Annals of Surgical Oncology

, Volume 22, Issue 2, pp 429–436 | Cite as

Assessing Safety and Outcomes in Outpatient versus Inpatient Thyroidectomy using the NSQIP: A Propensity Score Matched Analysis of 16,370 Patients

  • Nima Khavanin
  • Alexei Mlodinow
  • John Y. S. Kim
  • Jon P. Ver Halen
  • Anuja K. Antony
  • Sandeep Samant
Endocrine Tumors



With increasing economic healthcare constraints and an evolving understanding of patient selection criteria and patient safety, outpatient thyroidectomy is now more frequently employed. However, robust statistical analyses evaluating outcomes and safety after outpatient thyroidectomy with matched comparisons to inpatient cohorts are lacking.


The 2011-2012 NSQIP datasets were queried to identify all patients undergoing thyroidectomy. Inpatient and outpatient procedures cohorts were matched 1:1 using propensity score analysis to assess outcomes. Outcomes of interest included surgical and medical complications, reoperation, mortality, and readmission. Univariate and multivariate analyses were utilized to identify predictors of these events. Relative risk ratios were calculated for adverse events between inpatient and outpatient cohorts.


In total, 21,508 patients were identified to have undergone a thyroidectomy in 2011–2012. Inpatients and outpatients were matched 1:1 with respect to preoperative and operative characteristics, leaving 8,185 patients in each treatment arm. After matching, overall 30-day morbidity was rare with only 250 patients (1.53 %) experiencing any perioperative morbidity. 476 patients (2.91 %) were readmitted within 30-days of the operation. Both pre- and post-matching, inpatient thyroidectomy was associated with increased risks of readmission, reoperation, and any complication.


Based on this comprehensive population-based study, outpatient thyroidectomy appears to be at least as safe as inpatient thyroidectomy. However, there are still differences in outcomes between inpatient and outpatient cohorts, despite statistical matching of preoperative and intraoperative variables. Future research needs to be spent identifying these as-of-yet unknown risk factors to resolve this discrepancy.


Financial Support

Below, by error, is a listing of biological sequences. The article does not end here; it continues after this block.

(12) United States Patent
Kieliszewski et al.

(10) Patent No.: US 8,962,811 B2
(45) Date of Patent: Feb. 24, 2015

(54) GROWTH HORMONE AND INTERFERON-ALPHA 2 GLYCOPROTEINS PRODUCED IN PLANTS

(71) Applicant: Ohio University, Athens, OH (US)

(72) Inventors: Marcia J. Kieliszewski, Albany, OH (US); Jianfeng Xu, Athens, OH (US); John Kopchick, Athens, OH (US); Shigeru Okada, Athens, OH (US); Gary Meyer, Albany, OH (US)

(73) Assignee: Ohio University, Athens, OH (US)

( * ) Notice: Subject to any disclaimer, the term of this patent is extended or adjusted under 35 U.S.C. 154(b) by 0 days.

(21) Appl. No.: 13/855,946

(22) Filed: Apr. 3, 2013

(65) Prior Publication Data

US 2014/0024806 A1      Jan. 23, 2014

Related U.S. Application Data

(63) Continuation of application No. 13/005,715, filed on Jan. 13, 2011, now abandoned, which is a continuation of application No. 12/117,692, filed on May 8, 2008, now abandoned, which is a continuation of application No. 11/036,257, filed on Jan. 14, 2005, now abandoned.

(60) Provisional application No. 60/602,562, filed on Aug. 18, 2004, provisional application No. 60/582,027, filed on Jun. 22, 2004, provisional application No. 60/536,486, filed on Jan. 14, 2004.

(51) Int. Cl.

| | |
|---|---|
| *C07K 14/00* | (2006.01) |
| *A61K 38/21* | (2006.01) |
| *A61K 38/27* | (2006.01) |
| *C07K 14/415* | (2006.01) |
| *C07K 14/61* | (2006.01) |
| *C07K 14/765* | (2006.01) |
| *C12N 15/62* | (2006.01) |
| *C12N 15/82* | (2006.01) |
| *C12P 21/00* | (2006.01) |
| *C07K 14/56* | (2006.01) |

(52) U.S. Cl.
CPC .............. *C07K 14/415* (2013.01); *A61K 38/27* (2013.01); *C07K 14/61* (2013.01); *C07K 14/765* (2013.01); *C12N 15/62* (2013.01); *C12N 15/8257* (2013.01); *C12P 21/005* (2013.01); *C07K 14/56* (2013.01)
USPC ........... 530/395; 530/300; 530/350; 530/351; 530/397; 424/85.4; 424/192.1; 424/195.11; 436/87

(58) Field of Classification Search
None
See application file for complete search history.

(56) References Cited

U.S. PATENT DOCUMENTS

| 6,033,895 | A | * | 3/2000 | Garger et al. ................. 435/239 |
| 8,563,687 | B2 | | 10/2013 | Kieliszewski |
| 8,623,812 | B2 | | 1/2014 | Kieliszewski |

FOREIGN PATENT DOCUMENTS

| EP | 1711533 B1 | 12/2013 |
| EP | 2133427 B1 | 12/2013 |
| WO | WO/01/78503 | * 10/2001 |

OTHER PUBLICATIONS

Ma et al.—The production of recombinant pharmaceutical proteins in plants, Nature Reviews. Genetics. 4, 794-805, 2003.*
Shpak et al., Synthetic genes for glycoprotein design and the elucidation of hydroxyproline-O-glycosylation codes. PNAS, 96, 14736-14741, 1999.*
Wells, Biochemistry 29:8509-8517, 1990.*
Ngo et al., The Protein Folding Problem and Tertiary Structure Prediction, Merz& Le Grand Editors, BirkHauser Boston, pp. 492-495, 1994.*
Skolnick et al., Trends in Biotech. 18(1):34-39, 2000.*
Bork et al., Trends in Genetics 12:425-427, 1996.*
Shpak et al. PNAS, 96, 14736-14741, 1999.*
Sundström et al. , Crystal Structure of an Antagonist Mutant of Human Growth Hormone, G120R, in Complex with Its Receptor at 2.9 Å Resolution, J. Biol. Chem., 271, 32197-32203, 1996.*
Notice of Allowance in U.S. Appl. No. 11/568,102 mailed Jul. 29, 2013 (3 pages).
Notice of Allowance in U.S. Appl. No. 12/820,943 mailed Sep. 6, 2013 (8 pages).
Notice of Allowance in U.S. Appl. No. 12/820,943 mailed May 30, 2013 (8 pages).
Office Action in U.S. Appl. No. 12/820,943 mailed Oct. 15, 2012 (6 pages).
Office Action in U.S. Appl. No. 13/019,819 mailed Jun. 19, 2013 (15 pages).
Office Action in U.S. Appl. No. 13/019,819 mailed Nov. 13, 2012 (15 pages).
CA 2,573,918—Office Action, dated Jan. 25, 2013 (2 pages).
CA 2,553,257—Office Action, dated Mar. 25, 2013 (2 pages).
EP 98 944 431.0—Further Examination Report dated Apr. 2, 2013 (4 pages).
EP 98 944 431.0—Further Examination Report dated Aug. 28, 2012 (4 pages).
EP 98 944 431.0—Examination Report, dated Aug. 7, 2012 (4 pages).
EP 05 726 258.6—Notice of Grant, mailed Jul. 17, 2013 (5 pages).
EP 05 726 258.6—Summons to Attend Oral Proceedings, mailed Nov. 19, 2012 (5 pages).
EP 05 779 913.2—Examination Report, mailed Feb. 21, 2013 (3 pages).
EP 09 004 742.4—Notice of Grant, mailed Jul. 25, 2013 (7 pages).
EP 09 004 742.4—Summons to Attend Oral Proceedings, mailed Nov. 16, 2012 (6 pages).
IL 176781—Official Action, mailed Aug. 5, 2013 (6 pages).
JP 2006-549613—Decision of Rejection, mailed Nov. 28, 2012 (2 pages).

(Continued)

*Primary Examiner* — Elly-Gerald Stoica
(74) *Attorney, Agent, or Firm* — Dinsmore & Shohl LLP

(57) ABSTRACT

This particular research received no internal or external grant funding.

Conflict of interest

The authors report no relevant financial disclosures related to this current work.

Ethical Approval

De-identified patient information is freely available to all institutional members who comply with the American College of Surgeons National Surgical Quality Improvement Program (NSQIP) Data Use Agreement. The Data Use Agreement implements the protections afforded by the Health Insurance Portability and Accountability Act of 1996.


The NSQIP and the hospitals participating in the NSQIP are the source of the data used herein; they have not been verified and are not responsible for the statistical validity of the data analysis, or the conclusions derived by the authors of this study.


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Copyright information

© Society of Surgical Oncology 2014

Authors and Affiliations

  • Nima Khavanin
    • 1
  • Alexei Mlodinow
    • 1
  • John Y. S. Kim
    • 1
  • Jon P. Ver Halen
    • 2
  • Anuja K. Antony
    • 3
  • Sandeep Samant
    • 4
  1. 1.Division of Plastic and Reconstructive SurgeryNorthwestern University Feinberg School of MedicineChicagoUSA
  2. 2.Division of Plastic and Reconstructive SurgeryBaptist Cancer Center-Vanderbilt Ingram Cancer CenterMemphisUSA
  3. 3.Division of Plastic and Reconstructive SurgeryUniversity of Illinois at ChicagoChicagoUSA
  4. 4.Department of Otolaryngology-Head and Neck SurgeryUniversity of Tennessee Health Science CenterMemphisUSA

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